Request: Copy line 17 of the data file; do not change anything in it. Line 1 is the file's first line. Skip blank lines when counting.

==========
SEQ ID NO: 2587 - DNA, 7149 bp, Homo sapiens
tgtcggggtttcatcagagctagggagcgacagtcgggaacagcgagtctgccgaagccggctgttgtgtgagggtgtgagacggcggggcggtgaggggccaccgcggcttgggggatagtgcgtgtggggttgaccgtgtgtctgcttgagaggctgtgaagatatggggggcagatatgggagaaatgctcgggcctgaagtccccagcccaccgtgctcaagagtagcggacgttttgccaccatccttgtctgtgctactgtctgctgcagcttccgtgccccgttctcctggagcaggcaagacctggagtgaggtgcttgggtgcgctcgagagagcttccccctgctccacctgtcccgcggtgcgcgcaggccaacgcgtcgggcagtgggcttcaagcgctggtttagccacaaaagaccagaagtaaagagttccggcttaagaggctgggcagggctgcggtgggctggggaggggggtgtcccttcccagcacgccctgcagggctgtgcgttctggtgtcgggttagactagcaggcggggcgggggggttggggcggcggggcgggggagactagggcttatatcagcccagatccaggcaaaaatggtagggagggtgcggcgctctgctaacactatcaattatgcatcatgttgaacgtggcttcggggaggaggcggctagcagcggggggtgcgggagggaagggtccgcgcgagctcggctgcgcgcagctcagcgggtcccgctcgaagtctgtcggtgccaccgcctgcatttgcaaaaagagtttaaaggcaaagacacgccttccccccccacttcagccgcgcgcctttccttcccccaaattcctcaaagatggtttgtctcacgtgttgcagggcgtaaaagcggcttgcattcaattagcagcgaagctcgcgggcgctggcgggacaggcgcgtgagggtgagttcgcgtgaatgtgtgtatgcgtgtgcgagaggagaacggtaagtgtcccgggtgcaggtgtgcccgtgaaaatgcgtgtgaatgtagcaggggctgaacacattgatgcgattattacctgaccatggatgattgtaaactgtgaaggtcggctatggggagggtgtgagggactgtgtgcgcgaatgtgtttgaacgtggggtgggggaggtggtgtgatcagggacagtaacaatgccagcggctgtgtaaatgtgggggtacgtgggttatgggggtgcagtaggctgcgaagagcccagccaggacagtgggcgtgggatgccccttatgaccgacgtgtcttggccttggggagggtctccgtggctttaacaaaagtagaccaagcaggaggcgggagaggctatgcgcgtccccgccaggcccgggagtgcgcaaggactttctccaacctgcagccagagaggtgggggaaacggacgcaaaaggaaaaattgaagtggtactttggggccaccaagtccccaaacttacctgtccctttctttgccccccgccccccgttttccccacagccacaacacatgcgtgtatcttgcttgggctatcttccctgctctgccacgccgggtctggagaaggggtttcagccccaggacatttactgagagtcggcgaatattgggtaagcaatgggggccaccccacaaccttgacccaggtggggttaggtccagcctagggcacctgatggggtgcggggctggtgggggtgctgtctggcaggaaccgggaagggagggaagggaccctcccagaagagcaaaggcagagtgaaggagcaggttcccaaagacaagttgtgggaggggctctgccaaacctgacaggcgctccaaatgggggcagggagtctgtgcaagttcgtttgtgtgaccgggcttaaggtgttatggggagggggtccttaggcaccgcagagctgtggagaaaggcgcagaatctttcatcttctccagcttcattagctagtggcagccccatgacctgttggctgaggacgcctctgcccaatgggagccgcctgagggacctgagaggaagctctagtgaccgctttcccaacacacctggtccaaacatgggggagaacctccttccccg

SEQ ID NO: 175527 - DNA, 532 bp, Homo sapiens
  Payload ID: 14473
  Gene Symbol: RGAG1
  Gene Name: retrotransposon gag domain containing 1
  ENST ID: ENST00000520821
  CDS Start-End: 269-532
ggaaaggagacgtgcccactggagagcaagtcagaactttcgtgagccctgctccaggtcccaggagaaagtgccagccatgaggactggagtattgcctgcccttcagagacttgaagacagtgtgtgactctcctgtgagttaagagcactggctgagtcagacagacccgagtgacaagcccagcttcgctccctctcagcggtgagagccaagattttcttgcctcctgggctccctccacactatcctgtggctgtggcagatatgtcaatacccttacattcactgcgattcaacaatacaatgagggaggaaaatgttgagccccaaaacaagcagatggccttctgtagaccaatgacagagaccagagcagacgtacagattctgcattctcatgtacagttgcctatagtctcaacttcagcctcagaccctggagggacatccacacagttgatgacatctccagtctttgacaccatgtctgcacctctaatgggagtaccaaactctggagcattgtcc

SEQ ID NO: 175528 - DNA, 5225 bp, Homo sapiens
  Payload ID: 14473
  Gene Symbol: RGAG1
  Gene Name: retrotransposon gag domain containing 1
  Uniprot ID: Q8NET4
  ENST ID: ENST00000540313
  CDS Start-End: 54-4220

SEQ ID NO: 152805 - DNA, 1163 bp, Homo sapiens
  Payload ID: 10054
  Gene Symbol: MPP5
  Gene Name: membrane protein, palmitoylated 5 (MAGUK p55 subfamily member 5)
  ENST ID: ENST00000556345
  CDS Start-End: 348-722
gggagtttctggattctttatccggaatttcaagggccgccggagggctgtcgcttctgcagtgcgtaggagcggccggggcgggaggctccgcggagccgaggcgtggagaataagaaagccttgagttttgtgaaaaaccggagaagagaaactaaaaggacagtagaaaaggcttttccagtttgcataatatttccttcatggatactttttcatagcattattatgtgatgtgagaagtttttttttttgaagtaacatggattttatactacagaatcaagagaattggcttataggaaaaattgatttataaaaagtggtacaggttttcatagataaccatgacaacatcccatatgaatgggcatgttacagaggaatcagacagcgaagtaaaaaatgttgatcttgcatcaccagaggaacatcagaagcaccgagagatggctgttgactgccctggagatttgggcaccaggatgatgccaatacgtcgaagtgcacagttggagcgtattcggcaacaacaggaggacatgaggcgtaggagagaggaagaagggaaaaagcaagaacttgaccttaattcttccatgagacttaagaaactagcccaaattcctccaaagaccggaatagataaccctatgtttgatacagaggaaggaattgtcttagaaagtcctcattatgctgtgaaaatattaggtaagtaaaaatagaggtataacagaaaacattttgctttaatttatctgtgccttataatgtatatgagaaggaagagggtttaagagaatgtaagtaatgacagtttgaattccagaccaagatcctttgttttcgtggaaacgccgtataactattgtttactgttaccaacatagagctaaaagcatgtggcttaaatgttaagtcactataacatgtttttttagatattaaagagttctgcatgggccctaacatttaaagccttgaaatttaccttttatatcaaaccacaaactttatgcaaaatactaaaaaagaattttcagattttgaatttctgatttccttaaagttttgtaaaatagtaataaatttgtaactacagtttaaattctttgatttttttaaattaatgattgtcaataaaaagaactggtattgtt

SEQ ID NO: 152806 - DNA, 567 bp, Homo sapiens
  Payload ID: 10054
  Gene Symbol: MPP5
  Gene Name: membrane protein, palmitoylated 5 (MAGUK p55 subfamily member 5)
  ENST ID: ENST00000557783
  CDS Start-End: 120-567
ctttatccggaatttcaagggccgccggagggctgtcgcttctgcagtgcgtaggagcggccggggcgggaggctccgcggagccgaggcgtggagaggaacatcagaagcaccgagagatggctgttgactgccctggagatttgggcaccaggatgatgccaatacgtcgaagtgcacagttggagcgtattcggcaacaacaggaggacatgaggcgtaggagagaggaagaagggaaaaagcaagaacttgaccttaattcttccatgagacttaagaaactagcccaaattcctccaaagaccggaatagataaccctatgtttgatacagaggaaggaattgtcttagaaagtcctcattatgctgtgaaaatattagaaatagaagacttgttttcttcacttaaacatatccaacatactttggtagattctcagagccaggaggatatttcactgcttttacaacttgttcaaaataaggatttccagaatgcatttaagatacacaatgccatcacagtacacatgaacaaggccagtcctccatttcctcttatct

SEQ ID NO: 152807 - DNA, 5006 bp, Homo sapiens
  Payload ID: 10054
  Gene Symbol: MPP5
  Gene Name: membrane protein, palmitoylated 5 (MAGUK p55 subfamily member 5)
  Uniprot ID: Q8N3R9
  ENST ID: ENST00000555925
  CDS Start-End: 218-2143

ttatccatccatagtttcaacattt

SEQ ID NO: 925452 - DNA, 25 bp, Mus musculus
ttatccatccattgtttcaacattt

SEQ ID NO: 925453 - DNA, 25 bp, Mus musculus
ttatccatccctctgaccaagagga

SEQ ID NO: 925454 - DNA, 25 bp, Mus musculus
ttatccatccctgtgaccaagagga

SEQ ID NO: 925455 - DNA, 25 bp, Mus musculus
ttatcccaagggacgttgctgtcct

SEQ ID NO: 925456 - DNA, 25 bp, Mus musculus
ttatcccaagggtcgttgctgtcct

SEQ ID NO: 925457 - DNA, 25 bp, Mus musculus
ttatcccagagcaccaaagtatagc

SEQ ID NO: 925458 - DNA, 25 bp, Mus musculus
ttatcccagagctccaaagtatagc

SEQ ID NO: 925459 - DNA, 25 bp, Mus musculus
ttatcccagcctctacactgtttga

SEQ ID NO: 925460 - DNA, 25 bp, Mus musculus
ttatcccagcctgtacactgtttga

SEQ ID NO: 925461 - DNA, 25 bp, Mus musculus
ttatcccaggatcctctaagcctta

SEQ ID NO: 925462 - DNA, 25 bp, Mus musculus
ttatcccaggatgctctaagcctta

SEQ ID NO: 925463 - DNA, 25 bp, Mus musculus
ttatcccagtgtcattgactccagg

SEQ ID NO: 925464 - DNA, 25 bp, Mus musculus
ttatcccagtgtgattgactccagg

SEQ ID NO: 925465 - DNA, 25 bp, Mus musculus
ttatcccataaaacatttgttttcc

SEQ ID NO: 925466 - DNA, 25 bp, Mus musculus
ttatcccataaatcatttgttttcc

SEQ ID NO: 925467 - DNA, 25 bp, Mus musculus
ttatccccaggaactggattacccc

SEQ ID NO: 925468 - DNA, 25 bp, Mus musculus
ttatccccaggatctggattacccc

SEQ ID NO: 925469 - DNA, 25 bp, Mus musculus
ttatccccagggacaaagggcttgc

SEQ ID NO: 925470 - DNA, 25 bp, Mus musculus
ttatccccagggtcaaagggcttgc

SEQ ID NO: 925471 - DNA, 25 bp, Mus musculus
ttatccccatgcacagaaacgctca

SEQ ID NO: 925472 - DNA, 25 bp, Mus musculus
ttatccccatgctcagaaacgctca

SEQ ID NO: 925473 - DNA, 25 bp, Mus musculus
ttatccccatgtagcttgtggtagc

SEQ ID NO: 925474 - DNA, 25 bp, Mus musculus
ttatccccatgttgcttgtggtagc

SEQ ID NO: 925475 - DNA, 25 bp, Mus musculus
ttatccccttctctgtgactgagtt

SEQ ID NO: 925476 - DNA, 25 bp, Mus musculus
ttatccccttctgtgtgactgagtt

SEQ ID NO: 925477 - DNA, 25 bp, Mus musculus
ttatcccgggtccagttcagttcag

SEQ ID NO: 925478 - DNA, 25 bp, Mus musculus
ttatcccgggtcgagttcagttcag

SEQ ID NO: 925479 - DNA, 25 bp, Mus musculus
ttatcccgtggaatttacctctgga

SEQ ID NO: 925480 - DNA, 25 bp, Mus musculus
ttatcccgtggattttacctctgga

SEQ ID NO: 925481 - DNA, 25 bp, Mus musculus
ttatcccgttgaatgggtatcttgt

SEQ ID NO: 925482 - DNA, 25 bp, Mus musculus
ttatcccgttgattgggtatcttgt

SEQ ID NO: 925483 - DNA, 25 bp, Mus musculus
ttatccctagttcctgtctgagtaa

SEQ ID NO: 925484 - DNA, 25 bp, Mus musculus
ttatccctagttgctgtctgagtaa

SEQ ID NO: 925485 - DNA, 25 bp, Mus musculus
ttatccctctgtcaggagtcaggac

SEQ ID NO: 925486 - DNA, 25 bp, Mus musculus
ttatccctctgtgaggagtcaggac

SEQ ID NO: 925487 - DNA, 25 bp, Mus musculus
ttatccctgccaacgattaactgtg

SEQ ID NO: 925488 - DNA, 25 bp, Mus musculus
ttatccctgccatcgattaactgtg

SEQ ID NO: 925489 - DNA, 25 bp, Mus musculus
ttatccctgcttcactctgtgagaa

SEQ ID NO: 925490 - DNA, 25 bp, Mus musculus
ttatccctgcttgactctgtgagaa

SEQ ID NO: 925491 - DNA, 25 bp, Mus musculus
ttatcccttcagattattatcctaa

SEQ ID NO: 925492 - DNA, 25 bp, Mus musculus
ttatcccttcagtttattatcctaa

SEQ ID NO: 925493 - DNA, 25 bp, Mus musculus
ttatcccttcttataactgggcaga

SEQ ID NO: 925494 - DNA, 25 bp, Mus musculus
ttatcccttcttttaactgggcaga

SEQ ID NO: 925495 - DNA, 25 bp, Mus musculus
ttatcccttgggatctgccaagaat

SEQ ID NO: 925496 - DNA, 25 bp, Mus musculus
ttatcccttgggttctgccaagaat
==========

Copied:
SEQ ID NO: 152805 - DNA, 1163 bp, Homo sapiens